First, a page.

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Beat the heat and reclaim your kitchen this summer

How to keep your kitchen cool when it's hot outside

Published: July 01, 2014 01:45 PM

With temperatures rising, it can be hard to keep your cool in a hot kitchen. The refrigerator is working overtime and cooking on the range or running the dishwasher just adds more heat to the room. But with a few tweaks to your appliances and your routine you can keep the kitchen comfortable and even save energy in the bargain. Here’s how.

Clean the refrigerator coils. To keep your refrigerator humming, make sure the front grill is free of dirt, which improves airflow to the condenser. Likewise, clean the condenser coil with a brush or vacuum and make sure the door closes tightly by washing the door gasket with a mild detergent and water. There should be a few inches between the refrigerator and the wall so air can circulate. Finally, decide what you want before you open the door because when you do up to 30 percent of the cooled air can escape.
Cool-running refrigerator. The French-door Samsung RF261BIAESR, $2,100, costs only $48 per year to run compared to other bottom-freezer models that can cost up to twice as much.

Air dry the dishes. Only run your dishwasher when it’s full and plan to run it at night when temperatures dip and possibly your electricity rates as well. Try letting your dishes air dry; if you don't have an automatic air-dry switch, turn off the dishwasher after the final rinse and prop the door open slightly so the dishes dry faster.
Dishwasher with this feature. The GE Profile PDT750SSFSS, $1,100, has a power dry on/off feature. In our tests this dishwasher had superb washing and efficiency, along with special bottle-washing jets on the top rack.

Panasonic FlashXpress NB-G110P

Downsize your cooking. Not only is it cooler, but cooking with a microwave is more energy-efficient than cooking on a cooktop or in an oven. When using the stovetop, match the size of the pan to the heating element. Consider using an electric pan, toaster oven, or convection oven for small meals rather than your large stove or oven. A toaster or convection oven uses one-third to one-half as much energy as a full-sized oven.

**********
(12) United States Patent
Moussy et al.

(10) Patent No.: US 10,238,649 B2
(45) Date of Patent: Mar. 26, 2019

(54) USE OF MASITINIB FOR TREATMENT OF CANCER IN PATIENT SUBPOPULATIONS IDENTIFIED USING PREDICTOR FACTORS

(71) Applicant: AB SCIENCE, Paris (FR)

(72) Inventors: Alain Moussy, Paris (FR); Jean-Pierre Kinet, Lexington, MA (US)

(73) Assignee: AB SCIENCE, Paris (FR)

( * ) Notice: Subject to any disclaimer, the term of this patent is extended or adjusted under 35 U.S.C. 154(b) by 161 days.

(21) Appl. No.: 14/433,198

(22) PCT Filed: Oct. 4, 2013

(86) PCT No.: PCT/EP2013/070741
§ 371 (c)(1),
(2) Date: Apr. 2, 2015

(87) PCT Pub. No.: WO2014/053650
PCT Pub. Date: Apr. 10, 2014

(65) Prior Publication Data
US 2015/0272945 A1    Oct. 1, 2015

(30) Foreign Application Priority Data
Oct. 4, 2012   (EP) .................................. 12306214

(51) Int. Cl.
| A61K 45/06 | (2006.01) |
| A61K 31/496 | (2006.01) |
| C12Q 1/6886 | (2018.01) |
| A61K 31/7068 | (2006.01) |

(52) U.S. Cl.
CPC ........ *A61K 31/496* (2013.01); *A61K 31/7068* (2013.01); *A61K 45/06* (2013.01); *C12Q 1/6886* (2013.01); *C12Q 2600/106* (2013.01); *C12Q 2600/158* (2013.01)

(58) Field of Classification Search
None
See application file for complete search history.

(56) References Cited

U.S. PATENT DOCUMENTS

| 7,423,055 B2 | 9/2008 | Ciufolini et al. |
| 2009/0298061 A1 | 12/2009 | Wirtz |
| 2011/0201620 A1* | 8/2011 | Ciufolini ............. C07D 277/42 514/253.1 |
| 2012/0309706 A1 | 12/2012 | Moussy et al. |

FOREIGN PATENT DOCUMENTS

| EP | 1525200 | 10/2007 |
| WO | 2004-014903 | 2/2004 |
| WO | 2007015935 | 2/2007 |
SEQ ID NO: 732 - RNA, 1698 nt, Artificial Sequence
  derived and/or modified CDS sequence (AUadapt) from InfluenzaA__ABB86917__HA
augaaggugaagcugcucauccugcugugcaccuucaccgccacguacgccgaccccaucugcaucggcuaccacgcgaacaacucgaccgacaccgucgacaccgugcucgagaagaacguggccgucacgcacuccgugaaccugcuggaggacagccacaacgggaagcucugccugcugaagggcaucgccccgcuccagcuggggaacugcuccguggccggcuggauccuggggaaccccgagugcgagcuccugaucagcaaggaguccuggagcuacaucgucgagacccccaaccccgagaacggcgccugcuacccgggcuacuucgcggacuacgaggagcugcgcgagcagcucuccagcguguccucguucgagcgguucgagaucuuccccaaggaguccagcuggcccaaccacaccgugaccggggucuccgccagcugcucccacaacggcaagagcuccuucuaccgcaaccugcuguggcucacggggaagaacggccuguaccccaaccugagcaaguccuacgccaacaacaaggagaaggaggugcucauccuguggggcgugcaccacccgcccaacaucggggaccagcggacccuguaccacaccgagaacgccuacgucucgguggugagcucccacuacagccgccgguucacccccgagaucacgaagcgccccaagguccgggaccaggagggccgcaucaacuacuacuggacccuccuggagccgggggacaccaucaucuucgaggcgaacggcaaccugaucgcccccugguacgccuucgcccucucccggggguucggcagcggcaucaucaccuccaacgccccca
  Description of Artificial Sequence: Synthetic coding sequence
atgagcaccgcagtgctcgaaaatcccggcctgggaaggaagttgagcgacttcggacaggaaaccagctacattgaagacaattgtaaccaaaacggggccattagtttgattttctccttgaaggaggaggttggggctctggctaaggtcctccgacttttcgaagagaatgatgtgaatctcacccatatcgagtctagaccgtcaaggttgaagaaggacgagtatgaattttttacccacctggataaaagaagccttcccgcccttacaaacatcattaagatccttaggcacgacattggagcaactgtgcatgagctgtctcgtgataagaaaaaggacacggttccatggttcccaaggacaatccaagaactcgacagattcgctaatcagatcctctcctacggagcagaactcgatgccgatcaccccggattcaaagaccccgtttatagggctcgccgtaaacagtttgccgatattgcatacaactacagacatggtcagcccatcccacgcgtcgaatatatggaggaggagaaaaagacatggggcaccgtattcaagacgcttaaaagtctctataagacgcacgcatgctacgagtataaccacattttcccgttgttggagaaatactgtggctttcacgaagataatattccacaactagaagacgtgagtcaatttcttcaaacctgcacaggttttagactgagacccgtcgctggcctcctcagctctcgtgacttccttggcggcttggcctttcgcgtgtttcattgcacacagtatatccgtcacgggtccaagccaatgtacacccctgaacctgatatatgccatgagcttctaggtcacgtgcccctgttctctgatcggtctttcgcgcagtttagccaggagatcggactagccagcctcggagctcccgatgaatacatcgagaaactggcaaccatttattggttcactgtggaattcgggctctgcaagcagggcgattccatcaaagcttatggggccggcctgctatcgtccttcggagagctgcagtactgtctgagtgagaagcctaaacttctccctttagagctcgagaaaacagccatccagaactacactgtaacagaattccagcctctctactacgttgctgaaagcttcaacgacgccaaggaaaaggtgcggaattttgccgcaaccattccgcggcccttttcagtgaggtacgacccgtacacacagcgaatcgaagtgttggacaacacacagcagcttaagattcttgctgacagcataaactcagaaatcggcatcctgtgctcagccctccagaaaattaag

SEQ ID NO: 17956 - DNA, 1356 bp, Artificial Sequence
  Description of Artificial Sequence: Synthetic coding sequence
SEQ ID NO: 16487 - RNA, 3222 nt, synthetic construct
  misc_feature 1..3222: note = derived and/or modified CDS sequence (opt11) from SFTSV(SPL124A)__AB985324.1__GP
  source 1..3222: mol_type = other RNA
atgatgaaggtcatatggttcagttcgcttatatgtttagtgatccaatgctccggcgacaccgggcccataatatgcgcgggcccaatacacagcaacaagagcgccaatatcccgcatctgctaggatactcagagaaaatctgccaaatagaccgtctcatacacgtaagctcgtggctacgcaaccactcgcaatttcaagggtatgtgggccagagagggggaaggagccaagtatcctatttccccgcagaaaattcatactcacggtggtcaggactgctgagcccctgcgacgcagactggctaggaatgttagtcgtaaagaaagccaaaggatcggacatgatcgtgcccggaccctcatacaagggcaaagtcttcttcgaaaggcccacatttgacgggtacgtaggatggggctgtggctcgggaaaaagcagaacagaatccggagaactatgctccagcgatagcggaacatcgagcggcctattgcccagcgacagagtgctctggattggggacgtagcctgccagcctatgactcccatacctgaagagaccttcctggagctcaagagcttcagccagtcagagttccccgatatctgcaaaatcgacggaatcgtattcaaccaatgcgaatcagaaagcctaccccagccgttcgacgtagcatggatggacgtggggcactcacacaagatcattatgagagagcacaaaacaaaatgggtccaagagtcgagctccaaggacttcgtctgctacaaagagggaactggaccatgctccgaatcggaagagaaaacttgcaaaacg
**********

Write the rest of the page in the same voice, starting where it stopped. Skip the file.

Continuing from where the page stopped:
Speedy toaster oven. Panasonic FlashXpress NB-G110P, $150, has quartz and ceramic heating elements that cook more efficiently than conventional coil-heated ovens and don’t require any time for preheating.

Change the lightbulbs. Switch from incandescent light bulbs to energy-efficient bulbs that run cooler. Only about 10 to 15 percent of the electricity that incandescent lights consume results in light—the rest is turned into heat. Turn the lights off when you leave the kitchen.
Energy-saving lightbulbs. Our top-rated replacement LED for a 60-watt incandescent is the Samsung A19 60-Watt Warm White, $16, but we just named a $10 Great Value bulb from Walmart a CR Best Buy.

Get out and grill. If you can’t stand the heat, get out of the kitchen all together by cooking on your grill. Today’s gas grills often feature side burners for side dishes and enough space to accommodate an entire meal. The best grills in our tests offer top-notch indirect cooking so you can grill a wider variety of foods.
Grill with this feature. Our top-rated midsize grill, the Weber Spirit SP-320, $600, has three main burners and one side burner.

Mary H.J. Farrell (@mhjfarrell on Twitter)

   

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